# Understanding Overdetermined System

Consider a system of linear equations $$A \times x = B$$

The system has a unique solution exactly when the determinant of the coefficient matrix (i.e. A) is nonzero. When the determinant of the coefficient matrix is zero, there are either no solutions or many solutions.

For overdetermined system of linear equations, If no. of independent equations is equal to the no. of unknowns, then it has a unique solution.

Now consider the example

$$2x_1 + x_2 = 3$$ $$2x_1 - x_2 = 5$$ $$x_1 - 2x_2 = 4$$

Above system of equations can be written as

$\begin{bmatrix} 2 & 1 & 0 \\ 2 & -1 & 0 \\ 2 & -2 & 0 \end{bmatrix} \times$$\begin{bmatrix} x_1 \\ x_2 \\ x_3 \end{bmatrix}$ $=\begin{bmatrix} 3 \\ 5 \\ 4 \end{bmatrix}$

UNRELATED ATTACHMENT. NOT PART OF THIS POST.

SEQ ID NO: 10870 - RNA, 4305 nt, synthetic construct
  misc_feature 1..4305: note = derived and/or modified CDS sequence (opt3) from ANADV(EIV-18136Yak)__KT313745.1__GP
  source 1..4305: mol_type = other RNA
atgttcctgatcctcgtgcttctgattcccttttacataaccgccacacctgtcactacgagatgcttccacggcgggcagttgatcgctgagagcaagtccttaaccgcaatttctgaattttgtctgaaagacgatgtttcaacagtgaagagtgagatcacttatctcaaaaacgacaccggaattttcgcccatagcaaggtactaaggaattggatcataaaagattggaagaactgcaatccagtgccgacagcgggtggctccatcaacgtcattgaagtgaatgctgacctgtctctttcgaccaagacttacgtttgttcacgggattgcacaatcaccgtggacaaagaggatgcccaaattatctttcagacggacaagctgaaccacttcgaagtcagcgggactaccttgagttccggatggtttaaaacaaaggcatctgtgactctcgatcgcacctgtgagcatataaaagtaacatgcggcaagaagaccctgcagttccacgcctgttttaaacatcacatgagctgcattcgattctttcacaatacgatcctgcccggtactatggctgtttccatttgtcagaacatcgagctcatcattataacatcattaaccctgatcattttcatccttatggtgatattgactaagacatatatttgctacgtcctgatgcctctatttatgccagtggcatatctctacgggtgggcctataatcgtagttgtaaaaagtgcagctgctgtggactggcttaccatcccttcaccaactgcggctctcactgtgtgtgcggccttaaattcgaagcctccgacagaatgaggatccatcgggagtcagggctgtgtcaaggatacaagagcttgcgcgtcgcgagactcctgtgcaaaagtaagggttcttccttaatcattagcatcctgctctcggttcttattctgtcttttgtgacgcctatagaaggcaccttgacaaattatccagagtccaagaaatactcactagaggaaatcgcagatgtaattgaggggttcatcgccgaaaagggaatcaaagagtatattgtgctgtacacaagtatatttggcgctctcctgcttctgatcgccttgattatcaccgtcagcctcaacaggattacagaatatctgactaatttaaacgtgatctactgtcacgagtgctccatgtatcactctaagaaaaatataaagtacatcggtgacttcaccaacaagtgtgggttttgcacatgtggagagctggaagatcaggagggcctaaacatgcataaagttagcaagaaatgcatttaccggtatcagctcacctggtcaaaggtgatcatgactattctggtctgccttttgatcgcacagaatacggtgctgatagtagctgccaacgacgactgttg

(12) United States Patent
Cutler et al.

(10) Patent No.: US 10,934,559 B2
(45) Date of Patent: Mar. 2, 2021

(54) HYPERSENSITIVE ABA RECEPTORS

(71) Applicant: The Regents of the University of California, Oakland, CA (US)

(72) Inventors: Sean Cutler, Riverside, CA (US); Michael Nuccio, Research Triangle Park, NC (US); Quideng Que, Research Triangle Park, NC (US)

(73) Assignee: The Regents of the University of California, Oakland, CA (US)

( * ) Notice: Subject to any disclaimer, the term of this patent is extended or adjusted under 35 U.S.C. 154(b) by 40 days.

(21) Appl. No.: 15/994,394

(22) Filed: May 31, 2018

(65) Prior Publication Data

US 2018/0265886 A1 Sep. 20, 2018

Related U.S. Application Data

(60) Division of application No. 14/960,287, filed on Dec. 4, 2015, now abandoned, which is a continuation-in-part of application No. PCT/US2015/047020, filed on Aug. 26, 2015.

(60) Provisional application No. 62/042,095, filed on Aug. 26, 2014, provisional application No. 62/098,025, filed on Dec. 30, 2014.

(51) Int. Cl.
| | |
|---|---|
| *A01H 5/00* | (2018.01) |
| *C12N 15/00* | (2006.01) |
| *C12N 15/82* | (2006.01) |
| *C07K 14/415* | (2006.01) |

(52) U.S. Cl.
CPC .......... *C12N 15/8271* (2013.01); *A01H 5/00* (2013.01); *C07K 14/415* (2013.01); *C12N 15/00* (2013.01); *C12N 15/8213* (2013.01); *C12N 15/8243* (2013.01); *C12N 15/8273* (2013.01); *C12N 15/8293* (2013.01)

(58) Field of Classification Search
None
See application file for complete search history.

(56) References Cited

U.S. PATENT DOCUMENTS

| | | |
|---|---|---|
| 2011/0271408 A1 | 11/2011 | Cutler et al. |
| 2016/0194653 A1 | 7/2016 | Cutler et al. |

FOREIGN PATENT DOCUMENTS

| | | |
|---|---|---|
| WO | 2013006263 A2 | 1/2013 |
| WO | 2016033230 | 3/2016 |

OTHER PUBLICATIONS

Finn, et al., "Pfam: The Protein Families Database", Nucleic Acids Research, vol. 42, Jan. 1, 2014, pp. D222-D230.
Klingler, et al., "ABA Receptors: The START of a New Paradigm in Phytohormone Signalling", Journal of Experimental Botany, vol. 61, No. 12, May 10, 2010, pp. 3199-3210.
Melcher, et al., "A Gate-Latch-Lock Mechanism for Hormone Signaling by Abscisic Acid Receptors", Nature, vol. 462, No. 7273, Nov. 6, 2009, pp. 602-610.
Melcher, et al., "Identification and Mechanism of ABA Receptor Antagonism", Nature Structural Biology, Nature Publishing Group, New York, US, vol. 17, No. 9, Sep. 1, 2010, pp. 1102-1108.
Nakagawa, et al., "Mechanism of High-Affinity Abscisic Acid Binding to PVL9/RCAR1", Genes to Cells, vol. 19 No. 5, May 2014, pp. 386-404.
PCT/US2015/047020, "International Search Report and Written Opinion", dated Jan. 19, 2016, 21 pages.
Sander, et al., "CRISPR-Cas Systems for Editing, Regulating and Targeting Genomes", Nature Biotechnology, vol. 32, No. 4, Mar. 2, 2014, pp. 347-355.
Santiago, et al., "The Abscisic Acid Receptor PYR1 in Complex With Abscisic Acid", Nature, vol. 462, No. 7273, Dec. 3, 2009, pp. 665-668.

As we can see from the above graph, the system of linear equation has a unique solution. But at the same time the

$\begin{vmatrix} 2 & 1 & 0 \\\ 2 & -1 & 0 \\\ 2 & -2 & 0 \end{vmatrix} = 0$

Not even this one, determinant of all overdetermined system of linear of equation will have determinant of coefficient martix as zero, because last, 2nd last, .. column vectors will have all zero's. Why above two definition are contradicting each other, What's the thing that I'm missing here.

It's not unique, because $x_3$ can be anything.
• Because one $(x_1,x_2)$ value satisfies all the equations. – Robert Israel Jan 28 '15 at 16:14